Beam Parkway green corridor plan scrapped

The planned transformation of an industrial area of south Hornchurch into a people-friendly “green corridor” is no longer going ahead.

Havering Council planned to use a Compulsory Purchase Order (CPO) to buy 97 properties on New Road, a key transport link to the 3,500 home redevelopment of Rainham and Beam Park.

The scheme, named Beam Parkway, would have replaced a number of businesses along the road with new homes and a 2km “linear park” featuring “enhanced walking and cycling facilities”.

However, council leader Damien White has now announced he is dropping the CPO after Transport for London withdrew £5million in funding and due to “difficulties” surrounding plans to create a new station nearby.

The leader said: “It seems Havering is once again losing out after working so hard to try and build better homes and communities for its residents.

CGI of improved cycle and pedestrian routes on Beam Parkway

“We are doing everything we can to get back on track with these schemes because of the opportunity this part of the borough offers to provide homes and jobs for our residents. As a borough we need investment in our infrastructure and housing.

“However, every time we think things are moving the right way, like a boxer, we get another knock down and have to pick ourselves up.”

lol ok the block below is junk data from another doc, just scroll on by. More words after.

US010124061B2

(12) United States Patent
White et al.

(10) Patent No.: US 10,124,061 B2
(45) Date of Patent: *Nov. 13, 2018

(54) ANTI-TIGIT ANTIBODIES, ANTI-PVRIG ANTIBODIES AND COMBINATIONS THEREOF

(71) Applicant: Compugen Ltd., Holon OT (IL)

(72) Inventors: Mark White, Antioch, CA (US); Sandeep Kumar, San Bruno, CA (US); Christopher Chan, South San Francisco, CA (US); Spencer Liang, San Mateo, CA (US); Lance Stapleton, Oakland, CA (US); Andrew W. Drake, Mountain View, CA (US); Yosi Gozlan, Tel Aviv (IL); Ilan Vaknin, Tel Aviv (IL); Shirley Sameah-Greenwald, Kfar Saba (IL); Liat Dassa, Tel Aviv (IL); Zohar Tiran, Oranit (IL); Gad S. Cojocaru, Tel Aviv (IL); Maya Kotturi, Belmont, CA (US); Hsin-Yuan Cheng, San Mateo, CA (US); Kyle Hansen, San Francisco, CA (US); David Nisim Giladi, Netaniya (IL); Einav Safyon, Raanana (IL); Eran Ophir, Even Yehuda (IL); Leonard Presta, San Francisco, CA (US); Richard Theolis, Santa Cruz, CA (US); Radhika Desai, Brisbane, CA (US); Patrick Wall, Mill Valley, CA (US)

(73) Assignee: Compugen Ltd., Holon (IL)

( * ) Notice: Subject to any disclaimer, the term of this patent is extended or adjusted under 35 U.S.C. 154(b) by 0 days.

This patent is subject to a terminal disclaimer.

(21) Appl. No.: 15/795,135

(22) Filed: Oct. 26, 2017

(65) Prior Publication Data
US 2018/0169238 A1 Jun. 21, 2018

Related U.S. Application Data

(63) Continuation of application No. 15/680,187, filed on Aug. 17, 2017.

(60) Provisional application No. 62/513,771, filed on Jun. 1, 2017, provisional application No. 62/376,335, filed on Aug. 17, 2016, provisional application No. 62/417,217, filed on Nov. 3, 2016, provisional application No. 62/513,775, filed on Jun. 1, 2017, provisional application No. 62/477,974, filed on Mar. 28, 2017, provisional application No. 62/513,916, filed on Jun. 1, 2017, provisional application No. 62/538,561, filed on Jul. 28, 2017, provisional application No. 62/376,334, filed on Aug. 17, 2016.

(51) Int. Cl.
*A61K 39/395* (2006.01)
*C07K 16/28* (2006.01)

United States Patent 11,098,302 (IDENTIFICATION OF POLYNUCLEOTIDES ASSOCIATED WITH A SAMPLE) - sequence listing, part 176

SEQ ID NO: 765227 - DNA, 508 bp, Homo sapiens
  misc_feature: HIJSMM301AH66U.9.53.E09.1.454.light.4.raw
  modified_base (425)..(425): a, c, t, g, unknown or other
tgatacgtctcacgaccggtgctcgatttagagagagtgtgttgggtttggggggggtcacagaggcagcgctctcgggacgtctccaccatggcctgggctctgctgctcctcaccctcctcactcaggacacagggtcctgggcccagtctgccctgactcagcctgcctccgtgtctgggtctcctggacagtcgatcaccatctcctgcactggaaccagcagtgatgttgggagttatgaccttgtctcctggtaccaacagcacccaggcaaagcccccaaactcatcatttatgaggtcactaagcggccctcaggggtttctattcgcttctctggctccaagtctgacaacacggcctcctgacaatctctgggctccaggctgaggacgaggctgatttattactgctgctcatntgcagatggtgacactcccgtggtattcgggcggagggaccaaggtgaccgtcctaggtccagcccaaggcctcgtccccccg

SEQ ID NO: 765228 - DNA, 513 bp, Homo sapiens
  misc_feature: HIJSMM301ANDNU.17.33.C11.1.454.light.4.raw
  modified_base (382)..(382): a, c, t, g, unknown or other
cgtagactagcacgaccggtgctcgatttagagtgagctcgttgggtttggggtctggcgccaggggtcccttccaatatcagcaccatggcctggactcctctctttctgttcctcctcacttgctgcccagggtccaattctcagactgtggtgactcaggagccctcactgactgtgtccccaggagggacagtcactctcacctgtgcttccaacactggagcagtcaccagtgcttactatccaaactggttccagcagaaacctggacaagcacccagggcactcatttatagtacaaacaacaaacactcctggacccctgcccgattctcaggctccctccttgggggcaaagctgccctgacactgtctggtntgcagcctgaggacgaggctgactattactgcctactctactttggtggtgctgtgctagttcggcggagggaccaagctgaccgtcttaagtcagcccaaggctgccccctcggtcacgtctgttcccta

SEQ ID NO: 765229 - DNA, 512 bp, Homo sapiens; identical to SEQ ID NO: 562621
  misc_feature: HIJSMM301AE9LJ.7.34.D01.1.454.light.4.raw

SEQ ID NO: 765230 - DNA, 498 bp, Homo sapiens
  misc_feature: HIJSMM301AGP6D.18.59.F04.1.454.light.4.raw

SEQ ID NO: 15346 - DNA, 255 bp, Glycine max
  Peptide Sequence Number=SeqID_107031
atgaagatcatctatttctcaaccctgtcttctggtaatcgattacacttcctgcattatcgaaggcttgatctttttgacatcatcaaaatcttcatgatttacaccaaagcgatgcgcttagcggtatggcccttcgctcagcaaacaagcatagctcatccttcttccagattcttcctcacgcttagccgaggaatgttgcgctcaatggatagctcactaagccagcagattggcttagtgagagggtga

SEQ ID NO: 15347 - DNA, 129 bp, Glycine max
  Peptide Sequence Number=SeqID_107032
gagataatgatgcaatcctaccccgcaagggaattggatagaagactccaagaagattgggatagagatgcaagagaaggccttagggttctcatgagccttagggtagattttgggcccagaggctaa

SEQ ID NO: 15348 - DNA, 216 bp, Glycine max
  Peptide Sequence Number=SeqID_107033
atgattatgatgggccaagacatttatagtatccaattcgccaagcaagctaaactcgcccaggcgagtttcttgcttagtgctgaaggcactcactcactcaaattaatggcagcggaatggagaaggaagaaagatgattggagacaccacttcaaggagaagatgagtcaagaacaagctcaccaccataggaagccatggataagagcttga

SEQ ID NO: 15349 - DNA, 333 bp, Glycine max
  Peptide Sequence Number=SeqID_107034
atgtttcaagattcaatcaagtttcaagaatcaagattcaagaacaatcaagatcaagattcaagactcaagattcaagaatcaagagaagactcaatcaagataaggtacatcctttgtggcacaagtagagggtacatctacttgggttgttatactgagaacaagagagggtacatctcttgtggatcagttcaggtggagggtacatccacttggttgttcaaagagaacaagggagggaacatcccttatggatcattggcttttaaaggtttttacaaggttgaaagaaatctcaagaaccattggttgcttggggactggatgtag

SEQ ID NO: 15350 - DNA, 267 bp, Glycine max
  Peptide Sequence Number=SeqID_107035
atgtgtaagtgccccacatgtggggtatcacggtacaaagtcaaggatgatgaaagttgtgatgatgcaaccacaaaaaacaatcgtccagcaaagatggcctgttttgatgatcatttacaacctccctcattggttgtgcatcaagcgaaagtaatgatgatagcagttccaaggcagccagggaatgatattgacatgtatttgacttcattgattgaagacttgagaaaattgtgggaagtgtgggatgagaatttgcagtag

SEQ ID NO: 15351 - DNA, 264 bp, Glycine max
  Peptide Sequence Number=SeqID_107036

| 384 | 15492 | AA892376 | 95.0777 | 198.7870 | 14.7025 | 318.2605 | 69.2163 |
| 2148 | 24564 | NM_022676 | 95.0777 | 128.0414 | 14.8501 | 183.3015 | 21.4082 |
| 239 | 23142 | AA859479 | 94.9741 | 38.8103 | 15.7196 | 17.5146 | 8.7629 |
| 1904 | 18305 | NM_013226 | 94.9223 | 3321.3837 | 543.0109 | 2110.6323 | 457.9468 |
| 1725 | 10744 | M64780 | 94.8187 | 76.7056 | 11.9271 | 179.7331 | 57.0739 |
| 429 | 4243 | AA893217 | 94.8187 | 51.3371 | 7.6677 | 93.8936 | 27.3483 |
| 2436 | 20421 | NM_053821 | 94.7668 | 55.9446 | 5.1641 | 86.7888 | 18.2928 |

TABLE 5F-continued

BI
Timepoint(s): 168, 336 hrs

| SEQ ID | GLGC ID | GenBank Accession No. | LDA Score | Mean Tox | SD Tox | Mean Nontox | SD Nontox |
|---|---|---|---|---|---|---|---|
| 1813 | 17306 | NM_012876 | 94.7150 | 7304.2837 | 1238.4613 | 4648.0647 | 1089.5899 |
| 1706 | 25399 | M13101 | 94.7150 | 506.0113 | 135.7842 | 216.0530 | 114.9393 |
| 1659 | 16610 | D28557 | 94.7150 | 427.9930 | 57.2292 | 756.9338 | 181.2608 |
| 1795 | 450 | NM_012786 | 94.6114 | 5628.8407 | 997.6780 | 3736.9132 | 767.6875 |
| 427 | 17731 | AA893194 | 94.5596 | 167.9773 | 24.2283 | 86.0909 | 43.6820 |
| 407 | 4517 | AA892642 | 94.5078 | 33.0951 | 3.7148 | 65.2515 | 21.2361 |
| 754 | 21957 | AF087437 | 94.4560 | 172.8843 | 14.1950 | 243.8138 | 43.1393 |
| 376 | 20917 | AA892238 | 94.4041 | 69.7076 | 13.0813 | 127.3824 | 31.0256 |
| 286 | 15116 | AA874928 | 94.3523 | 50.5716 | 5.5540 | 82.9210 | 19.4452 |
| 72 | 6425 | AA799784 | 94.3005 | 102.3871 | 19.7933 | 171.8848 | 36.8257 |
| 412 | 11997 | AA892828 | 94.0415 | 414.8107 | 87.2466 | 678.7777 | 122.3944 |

Due to poor public transport links, less than half of the 3,500 planned homes in the Beam Park regeneration scheme will be built if the station does not materialise.

The Department for Transport says it warned the Greater London Authority (GLA) – who are leading the Beam Park scheme – that the business case for the station was “very poor” in 2017.

The DfT claims it did not hear from the GLA again for another two years while construction plans for the scheme went ahead, a claim the GLA has not denied.

It is now demanding complete financial immunity from any losses the new Beam Park station would create by drawing passengers from nearby stations.

Graham Williamson, councillor for South Hornchurch, said Havering Council had undervalued the land they wished to purchase through the CPO by millions of pounds

He added: “The council (and the GLA) gambled that the station would be approved as it would increase built property values and thus attract developers.

“However, they never admitted this and were happy to approve planning applications knowing full well the station was not guaranteed.”

Leader of the Independent Residents’ Group, Ray Morgan said: “Not only is the New Road regeneration in jeopardy and a Plan B likely necessary, council finances will take a hit both in costs and loss of planned for profits.

“Frankly, they only have themselves to blame and should have locked in the station before approving planning applications.

“Havering Council’s initial lack of due diligence around the robustness of delivering a station, must not be overlooked.”

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Josh Mellor

Local Democracy Reporter